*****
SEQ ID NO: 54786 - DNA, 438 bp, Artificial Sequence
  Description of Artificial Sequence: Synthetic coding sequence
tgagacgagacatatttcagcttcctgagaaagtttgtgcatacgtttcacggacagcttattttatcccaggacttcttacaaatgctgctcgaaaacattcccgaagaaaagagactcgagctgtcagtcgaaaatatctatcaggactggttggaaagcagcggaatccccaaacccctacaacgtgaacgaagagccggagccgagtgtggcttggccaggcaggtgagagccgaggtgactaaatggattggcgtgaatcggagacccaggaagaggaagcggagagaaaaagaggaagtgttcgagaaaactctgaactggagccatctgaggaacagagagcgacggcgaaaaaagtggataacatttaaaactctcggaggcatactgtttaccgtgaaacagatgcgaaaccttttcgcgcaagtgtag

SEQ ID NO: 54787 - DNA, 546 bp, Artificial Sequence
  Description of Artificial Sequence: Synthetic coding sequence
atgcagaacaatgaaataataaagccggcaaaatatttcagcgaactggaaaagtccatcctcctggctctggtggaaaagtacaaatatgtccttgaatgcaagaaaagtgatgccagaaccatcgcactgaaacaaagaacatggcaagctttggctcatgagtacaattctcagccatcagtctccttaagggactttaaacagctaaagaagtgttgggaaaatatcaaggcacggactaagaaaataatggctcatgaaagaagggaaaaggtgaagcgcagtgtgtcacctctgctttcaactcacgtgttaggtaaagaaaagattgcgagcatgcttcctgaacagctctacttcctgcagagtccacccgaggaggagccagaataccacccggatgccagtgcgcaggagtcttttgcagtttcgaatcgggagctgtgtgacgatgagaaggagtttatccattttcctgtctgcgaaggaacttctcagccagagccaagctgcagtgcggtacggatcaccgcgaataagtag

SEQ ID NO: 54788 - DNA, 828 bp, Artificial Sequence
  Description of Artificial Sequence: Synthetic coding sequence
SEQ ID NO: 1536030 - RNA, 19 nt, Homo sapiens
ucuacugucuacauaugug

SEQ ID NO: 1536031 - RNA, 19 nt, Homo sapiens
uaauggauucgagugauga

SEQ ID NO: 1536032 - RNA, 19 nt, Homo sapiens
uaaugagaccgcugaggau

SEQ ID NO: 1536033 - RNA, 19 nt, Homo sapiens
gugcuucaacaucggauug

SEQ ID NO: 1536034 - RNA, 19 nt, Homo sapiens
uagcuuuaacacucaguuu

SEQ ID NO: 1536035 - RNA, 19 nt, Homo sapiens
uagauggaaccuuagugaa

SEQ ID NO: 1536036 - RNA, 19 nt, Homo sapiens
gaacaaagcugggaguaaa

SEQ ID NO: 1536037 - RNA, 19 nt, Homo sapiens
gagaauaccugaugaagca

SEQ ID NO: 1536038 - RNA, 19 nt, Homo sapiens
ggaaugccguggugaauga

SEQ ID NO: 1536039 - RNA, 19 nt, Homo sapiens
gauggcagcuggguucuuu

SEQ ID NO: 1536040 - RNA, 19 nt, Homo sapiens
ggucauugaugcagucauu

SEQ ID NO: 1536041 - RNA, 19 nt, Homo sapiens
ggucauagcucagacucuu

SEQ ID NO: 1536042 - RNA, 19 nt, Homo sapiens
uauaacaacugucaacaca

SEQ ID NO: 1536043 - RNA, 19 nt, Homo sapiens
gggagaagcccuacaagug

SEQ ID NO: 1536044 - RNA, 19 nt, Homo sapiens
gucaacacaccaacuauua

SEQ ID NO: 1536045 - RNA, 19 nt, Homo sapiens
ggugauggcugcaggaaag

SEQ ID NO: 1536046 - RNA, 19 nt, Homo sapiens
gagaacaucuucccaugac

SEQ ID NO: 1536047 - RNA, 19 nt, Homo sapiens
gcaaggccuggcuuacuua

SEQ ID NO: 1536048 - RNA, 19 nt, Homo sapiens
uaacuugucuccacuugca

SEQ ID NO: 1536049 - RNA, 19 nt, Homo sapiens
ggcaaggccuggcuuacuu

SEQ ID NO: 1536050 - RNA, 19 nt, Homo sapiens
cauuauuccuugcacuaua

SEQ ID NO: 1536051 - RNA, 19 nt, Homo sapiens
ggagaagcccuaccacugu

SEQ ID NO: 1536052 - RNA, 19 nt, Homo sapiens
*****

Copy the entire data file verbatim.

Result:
SEQ ID NO: 54786 - DNA, 438 bp, Artificial Sequence
  Description of Artificial Sequence: Synthetic coding sequence
tgagacgagacatatttcagcttcctgagaaagtttgtgcatacgtttcacggacagcttattttatcccaggacttcttacaaatgctgctcgaaaacattcccgaagaaaagagactcgagctgtcagtcgaaaatatctatcaggactggttggaaagcagcggaatccccaaacccctacaacgtgaacgaagagccggagccgagtgtggcttggccaggcaggtgagagccgaggtgactaaatggattggcgtgaatcggagacccaggaagaggaagcggagagaaaaagaggaagtgttcgagaaaactctgaactggagccatctgaggaacagagagcgacggcgaaaaaagtggataacatttaaaactctcggaggcatactgtttaccgtgaaacagatgcgaaaccttttcgcgcaagtgtag

SEQ ID NO: 54787 - DNA, 546 bp, Artificial Sequence
  Description of Artificial Sequence: Synthetic coding sequence
atgcagaacaatgaaataataaagccggcaaaatatttcagcgaactggaaaagtccatcctcctggctctggtggaaaagtacaaatatgtccttgaatgcaagaaaagtgatgccagaaccatcgcactgaaacaaagaacatggcaagctttggctcatgagtacaattctcagccatcagtctccttaagggactttaaacagctaaagaagtgttgggaaaatatcaaggcacggactaagaaaataatggctcatgaaagaagggaaaaggtgaagcgcagtgtgtcacctctgctttcaactcacgtgttaggtaaagaaaagattgcgagcatgcttcctgaacagctctacttcctgcagagtccacccgaggaggagccagaataccacccggatgccagtgcgcaggagtcttttgcagtttcgaatcgggagctgtgtgacgatgagaaggagtttatccattttcctgtctgcgaaggaacttctcagccagagccaagctgcagtgcggtacggatcaccgcgaataagtag

SEQ ID NO: 54788 - DNA, 828 bp, Artificial Sequence
  Description of Artificial Sequence: Synthetic coding sequence
SEQ ID NO: 1536030 - RNA, 19 nt, Homo sapiens
ucuacugucuacauaugug

SEQ ID NO: 1536031 - RNA, 19 nt, Homo sapiens
uaauggauucgagugauga

SEQ ID NO: 1536032 - RNA, 19 nt, Homo sapiens
uaaugagaccgcugaggau

SEQ ID NO: 1536033 - RNA, 19 nt, Homo sapiens
gugcuucaacaucggauug

SEQ ID NO: 1536034 - RNA, 19 nt, Homo sapiens
uagcuuuaacacucaguuu

SEQ ID NO: 1536035 - RNA, 19 nt, Homo sapiens
uagauggaaccuuagugaa

SEQ ID NO: 1536036 - RNA, 19 nt, Homo sapiens
gaacaaagcugggaguaaa

SEQ ID NO: 1536037 - RNA, 19 nt, Homo sapiens
gagaauaccugaugaagca

SEQ ID NO: 1536038 - RNA, 19 nt, Homo sapiens
ggaaugccguggugaauga

SEQ ID NO: 1536039 - RNA, 19 nt, Homo sapiens
gauggcagcuggguucuuu

SEQ ID NO: 1536040 - RNA, 19 nt, Homo sapiens
ggucauugaugcagucauu

SEQ ID NO: 1536041 - RNA, 19 nt, Homo sapiens
ggucauagcucagacucuu

SEQ ID NO: 1536042 - RNA, 19 nt, Homo sapiens
uauaacaacugucaacaca

SEQ ID NO: 1536043 - RNA, 19 nt, Homo sapiens
gggagaagcccuacaagug

SEQ ID NO: 1536044 - RNA, 19 nt, Homo sapiens
gucaacacaccaacuauua

SEQ ID NO: 1536045 - RNA, 19 nt, Homo sapiens
ggugauggcugcaggaaag

SEQ ID NO: 1536046 - RNA, 19 nt, Homo sapiens
gagaacaucuucccaugac

SEQ ID NO: 1536047 - RNA, 19 nt, Homo sapiens
gcaaggccuggcuuacuua

SEQ ID NO: 1536048 - RNA, 19 nt, Homo sapiens
uaacuugucuccacuugca

SEQ ID NO: 1536049 - RNA, 19 nt, Homo sapiens
ggcaaggccuggcuuacuu

SEQ ID NO: 1536050 - RNA, 19 nt, Homo sapiens
cauuauuccuugcacuaua

SEQ ID NO: 1536051 - RNA, 19 nt, Homo sapiens
ggagaagcccuaccacugu

SEQ ID NO: 1536052 - RNA, 19 nt, Homo sapiens